Please, blog, may I have some more?


Hot potato!

“In the 13th round of the coolest fantasy football draft in the world, Seth Klein selects Rod Streater, the No. 1 wide receiver from the Oakland Raiders.”

Yep, you read that right– NO. 1 WIDE RECEIVER… in the 13th round. But it’s the Raiders, right?  They suck. It’s true, the Raiders should continue to suck again in 2014, but they did improve a lot this off-season, and the upgrades they made should benefit their receiving corps. The team bolstered its offensive line by drafting Mississippi State guard Gabe Jackson (who has looked fantastic in camp), and signed free agents Donald Penn, Kevin Boothe and Austin Howard.  Also returning is versatile tackle, and former second-round pick, Menelik Watson, who missed all but five games last season. Of course, Streater’s season will likely be defined by who is throwing him the ball in Oakland, and that man is nine-year NFL vet, Matt Schaub.

Please, blog, may I have some more?


What, I told them to match my hair with my smile…

As touched upon briefly and legally (I think, you never know with touching) in the post calling Montee Ball overrated, it dawned on me that Ryan Mathews still remains underrated, and he probably shouldn’t be. Here’s the specific quote about Mathews:

“Let’s not forget about Ryan Mathews, who also had these same issues (ball security and pass protection), and it took him three seasons to emerge into last year’s career breakout. It may be an apples/oranges comparison because of the injuries Mathews suffered, probably slowing his development, but it can’t be denied that there were specific game-plan decisions from 2010-2012 based on his weaknesses. And I’m sure there was a fruit basket involved somewhere. Needs more mango if you ask me. And may I add that these years also led to the amazing discovery that Ronnie Brown was actually still alive. Who knew?”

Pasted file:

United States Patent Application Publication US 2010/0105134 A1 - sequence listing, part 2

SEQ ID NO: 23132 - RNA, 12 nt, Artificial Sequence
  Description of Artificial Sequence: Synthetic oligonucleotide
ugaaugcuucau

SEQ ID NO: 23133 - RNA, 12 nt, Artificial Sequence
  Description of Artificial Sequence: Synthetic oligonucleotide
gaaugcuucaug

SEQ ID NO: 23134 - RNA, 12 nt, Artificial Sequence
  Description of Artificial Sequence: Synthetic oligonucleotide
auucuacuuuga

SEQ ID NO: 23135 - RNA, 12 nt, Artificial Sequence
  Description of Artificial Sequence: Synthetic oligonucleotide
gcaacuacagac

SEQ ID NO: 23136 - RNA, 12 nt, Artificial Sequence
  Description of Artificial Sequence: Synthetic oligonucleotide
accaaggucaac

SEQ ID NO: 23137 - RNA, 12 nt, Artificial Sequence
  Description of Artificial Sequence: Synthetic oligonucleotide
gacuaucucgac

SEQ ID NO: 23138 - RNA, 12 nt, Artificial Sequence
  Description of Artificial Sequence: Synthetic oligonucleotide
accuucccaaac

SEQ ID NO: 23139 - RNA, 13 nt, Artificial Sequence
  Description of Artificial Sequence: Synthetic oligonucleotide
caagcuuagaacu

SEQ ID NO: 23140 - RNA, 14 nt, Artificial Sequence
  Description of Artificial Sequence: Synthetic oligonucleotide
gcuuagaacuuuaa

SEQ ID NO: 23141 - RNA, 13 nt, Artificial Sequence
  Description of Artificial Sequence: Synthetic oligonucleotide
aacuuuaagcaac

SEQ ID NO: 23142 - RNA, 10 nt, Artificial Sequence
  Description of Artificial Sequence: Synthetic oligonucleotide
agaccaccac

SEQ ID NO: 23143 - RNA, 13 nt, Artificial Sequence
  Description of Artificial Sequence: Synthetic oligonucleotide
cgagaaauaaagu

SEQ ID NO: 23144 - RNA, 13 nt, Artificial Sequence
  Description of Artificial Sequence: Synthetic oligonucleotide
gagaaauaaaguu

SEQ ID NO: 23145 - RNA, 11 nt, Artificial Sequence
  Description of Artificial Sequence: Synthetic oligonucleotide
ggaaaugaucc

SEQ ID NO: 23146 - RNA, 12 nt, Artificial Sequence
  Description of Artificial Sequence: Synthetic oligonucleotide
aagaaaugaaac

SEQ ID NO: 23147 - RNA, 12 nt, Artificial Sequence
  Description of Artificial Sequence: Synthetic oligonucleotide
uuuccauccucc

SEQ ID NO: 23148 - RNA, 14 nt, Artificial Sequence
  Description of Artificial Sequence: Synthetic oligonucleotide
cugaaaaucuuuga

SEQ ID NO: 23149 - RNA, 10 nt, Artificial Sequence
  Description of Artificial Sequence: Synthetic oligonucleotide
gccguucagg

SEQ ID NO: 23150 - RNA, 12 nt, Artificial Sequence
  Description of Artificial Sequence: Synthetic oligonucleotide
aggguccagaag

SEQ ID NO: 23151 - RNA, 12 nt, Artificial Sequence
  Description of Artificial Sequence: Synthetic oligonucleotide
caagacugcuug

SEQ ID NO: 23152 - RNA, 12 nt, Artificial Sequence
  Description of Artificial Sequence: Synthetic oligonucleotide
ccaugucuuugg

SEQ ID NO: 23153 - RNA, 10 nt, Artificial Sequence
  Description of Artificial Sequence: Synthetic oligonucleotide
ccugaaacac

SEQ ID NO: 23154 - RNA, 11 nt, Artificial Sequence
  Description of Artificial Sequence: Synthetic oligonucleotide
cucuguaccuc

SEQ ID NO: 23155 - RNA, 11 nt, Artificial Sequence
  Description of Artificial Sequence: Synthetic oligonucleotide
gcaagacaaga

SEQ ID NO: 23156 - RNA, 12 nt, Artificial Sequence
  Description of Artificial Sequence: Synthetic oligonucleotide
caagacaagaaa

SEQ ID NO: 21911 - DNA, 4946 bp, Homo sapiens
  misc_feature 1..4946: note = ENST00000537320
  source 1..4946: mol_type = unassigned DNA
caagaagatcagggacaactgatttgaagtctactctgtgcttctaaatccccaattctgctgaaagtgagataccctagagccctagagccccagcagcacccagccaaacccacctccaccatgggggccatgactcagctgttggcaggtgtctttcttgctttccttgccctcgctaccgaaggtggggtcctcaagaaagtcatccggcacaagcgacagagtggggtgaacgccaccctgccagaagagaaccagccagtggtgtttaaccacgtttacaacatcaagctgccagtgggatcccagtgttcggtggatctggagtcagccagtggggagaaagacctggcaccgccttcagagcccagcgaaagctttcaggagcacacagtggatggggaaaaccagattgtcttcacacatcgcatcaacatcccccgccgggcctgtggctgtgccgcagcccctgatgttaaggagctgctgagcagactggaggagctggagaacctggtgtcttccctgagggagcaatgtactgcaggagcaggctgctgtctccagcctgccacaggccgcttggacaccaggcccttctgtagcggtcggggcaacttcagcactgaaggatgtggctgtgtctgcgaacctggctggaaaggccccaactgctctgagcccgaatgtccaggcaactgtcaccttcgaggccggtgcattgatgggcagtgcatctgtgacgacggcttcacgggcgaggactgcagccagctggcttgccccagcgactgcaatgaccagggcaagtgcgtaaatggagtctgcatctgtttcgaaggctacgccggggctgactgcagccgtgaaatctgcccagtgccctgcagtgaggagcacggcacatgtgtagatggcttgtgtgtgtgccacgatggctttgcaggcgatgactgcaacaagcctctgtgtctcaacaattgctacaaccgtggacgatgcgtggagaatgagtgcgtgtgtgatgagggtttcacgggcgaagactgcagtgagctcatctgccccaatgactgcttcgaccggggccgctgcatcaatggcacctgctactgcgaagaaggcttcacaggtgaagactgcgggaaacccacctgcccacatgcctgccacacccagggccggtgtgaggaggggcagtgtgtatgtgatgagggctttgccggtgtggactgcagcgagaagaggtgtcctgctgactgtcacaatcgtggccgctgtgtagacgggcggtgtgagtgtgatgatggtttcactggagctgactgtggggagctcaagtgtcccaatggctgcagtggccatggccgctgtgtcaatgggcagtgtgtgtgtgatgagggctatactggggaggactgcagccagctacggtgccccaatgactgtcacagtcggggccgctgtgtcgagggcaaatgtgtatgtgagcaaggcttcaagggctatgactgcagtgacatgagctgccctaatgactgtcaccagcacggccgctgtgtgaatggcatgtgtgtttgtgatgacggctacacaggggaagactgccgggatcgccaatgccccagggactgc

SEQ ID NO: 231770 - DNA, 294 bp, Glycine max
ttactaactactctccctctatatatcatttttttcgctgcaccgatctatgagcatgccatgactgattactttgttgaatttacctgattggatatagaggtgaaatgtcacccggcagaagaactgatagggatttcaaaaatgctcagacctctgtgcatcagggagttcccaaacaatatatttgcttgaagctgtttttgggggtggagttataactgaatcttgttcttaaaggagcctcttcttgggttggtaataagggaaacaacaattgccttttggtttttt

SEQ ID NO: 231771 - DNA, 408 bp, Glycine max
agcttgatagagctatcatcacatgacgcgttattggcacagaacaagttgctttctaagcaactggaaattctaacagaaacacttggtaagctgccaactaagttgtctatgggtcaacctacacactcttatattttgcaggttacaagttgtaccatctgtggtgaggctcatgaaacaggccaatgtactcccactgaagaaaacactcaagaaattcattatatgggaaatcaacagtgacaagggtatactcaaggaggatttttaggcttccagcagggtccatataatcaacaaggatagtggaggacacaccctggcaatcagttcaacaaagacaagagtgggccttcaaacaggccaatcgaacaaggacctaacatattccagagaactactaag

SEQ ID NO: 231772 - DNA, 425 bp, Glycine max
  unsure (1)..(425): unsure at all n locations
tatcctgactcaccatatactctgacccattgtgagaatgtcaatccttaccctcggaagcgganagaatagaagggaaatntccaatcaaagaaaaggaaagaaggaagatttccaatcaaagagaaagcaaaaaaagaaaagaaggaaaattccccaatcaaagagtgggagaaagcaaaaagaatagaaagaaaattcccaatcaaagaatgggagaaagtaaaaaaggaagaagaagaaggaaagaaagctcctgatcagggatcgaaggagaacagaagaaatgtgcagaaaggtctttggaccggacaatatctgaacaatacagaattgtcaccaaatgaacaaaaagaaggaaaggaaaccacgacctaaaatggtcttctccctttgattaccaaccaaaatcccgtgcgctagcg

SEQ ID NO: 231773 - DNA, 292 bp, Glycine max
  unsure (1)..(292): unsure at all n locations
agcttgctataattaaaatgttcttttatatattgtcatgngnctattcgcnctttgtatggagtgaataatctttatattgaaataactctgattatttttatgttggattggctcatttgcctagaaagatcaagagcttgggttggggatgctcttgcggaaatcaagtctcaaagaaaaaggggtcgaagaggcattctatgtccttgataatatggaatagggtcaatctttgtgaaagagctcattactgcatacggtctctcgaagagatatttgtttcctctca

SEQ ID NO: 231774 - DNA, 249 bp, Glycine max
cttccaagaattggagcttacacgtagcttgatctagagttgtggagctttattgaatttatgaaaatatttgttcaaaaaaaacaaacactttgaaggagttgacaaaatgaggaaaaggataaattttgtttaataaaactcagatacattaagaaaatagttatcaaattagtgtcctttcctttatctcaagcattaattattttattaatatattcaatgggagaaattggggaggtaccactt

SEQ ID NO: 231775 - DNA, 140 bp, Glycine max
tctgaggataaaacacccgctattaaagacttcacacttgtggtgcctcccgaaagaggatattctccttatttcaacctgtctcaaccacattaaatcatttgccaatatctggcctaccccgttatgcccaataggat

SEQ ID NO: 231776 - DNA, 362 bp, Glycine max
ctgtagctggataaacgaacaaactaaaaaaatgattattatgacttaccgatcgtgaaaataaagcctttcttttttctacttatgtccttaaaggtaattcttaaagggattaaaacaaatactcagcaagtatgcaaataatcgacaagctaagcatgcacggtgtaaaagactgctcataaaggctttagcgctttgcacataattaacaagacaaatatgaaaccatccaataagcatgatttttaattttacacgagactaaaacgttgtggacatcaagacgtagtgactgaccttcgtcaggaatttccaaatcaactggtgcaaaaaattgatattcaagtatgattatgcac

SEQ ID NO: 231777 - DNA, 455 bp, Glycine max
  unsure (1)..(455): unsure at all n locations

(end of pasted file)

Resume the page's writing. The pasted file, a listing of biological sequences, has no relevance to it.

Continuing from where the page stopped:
To further elaborate on those 2010-2012 years, even a homeristic (this word exists spell check, I swear!) fan like myself couldn’t bring myself to believe in Mathews. We are, in fact, talking about a back who had more broken more collarbones than touchdowns in 2012. Which, actually, now that I think about it, is pretty impressive. Add with the previously mentioned issues of ball security and pass protection, along with the  fact that he had only one season in his career where he rushed for 1,000 yards, and missed 10 games in those three years…. well, even as one of the 57 Chargers fans (138 when the surf is low), I just couldn’t buy in at all for 2013.

Please, blog, may I have some more?

NFL: Tennessee Titans-OTA

“Could somebody hold one of my balls?”

Last season, Kendall Wright had 94 receptions for 1,079 yards with 2 touchdowns. Yes, you read that correctly. Just two. That is not Kendall Wright, rather, it’s Kendall Wrong. Bold pun strategy there, I know. Simply magical. Now that I got that out of my system, you should know there are quite a few reasons why Wright is underrated. He’s a 5’10” receiver, which translates into a smaller target in terms of the red zone, and his yards after the catch potential has been limited. Add in the fact that the Titan’s quarterback position is questionable, on the surface, you have a  guy that only has 6 career touchdowns spanning 26 games with a mediocre supporting cast. Yes, even after telling you all of that, you still need to buy. Why, may you ask? And you probably should, seeing as how I specifically tailored the rest of this post based on that assumption. Then again, I’m basically having a conversation with myself pretending that you are asking me something when the lack of time-travel and telepathy specifically does not allow this…

Please, blog, may I have some more?